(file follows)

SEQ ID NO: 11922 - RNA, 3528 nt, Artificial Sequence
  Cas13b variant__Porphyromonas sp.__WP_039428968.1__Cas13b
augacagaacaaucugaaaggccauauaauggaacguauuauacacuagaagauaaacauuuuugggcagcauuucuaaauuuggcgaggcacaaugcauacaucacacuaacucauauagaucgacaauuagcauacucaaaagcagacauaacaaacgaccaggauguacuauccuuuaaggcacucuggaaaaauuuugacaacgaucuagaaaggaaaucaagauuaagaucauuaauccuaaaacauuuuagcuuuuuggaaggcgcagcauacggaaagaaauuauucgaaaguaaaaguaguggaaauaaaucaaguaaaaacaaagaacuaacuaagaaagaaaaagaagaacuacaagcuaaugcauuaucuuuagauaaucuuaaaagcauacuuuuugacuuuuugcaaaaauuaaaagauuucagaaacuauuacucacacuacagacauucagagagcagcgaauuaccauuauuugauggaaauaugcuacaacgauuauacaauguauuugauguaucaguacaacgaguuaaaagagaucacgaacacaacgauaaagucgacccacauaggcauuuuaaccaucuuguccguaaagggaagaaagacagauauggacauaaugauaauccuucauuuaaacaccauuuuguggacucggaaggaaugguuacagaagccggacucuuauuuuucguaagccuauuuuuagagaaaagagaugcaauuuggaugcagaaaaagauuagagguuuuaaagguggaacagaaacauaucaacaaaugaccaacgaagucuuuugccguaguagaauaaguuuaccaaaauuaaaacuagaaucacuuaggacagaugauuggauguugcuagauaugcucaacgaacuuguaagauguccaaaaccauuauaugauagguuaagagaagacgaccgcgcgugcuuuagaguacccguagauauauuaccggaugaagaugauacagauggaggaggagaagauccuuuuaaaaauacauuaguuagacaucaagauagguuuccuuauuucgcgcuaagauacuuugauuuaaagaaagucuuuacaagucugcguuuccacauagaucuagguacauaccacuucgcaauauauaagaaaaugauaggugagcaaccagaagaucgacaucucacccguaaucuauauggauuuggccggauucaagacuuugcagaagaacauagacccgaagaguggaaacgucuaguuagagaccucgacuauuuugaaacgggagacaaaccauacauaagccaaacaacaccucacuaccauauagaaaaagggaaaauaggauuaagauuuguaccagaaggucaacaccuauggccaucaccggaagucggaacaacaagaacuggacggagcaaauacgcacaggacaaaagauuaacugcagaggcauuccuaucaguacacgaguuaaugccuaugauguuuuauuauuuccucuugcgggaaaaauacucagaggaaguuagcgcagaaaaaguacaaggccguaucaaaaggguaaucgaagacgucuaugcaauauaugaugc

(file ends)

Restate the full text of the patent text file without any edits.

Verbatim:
SEQ ID NO: 11922 - RNA, 3528 nt, Artificial Sequence
  Cas13b variant__Porphyromonas sp.__WP_039428968.1__Cas13b
augacagaacaaucugaaaggccauauaauggaacguauuauacacuagaagauaaacauuuuugggcagcauuucuaaauuuggcgaggcacaaugcauacaucacacuaacucauauagaucgacaauuagcauacucaaaagcagacauaacaaacgaccaggauguacuauccuuuaaggcacucuggaaaaauuuugacaacgaucuagaaaggaaaucaagauuaagaucauuaauccuaaaacauuuuagcuuuuuggaaggcgcagcauacggaaagaaauuauucgaaaguaaaaguaguggaaauaaaucaaguaaaaacaaagaacuaacuaagaaagaaaaagaagaacuacaagcuaaugcauuaucuuuagauaaucuuaaaagcauacuuuuugacuuuuugcaaaaauuaaaagauuucagaaacuauuacucacacuacagacauucagagagcagcgaauuaccauuauuugauggaaauaugcuacaacgauuauacaauguauuugauguaucaguacaacgaguuaaaagagaucacgaacacaacgauaaagucgacccacauaggcauuuuaaccaucuuguccguaaagggaagaaagacagauauggacauaaugauaauccuucauuuaaacaccauuuuguggacucggaaggaaugguuacagaagccggacucuuauuuuucguaagccuauuuuuagagaaaagagaugcaauuuggaugcagaaaaagauuagagguuuuaaagguggaacagaaacauaucaacaaaugaccaacgaagucuuuugccguaguagaauaaguuuaccaaaauuaaaacuagaaucacuuaggacagaugauuggauguugcuagauaugcucaacgaacuuguaagauguccaaaaccauuauaugauagguuaagagaagacgaccgcgcgugcuuuagaguacccguagauauauuaccggaugaagaugauacagauggaggaggagaagauccuuuuaaaaauacauuaguuagacaucaagauagguuuccuuauuucgcgcuaagauacuuugauuuaaagaaagucuuuacaagucugcguuuccacauagaucuagguacauaccacuucgcaauauauaagaaaaugauaggugagcaaccagaagaucgacaucucacccguaaucuauauggauuuggccggauucaagacuuugcagaagaacauagacccgaagaguggaaacgucuaguuagagaccucgacuauuuugaaacgggagacaaaccauacauaagccaaacaacaccucacuaccauauagaaaaagggaaaauaggauuaagauuuguaccagaaggucaacaccuauggccaucaccggaagucggaacaacaagaacuggacggagcaaauacgcacaggacaaaagauuaacugcagaggcauuccuaucaguacacgaguuaaugccuaugauguuuuauuauuuccucuugcgggaaaaauacucagaggaaguuagcgcagaaaaaguacaaggccguaucaaaaggguaaucgaagacgucuaugcaauauaugaugc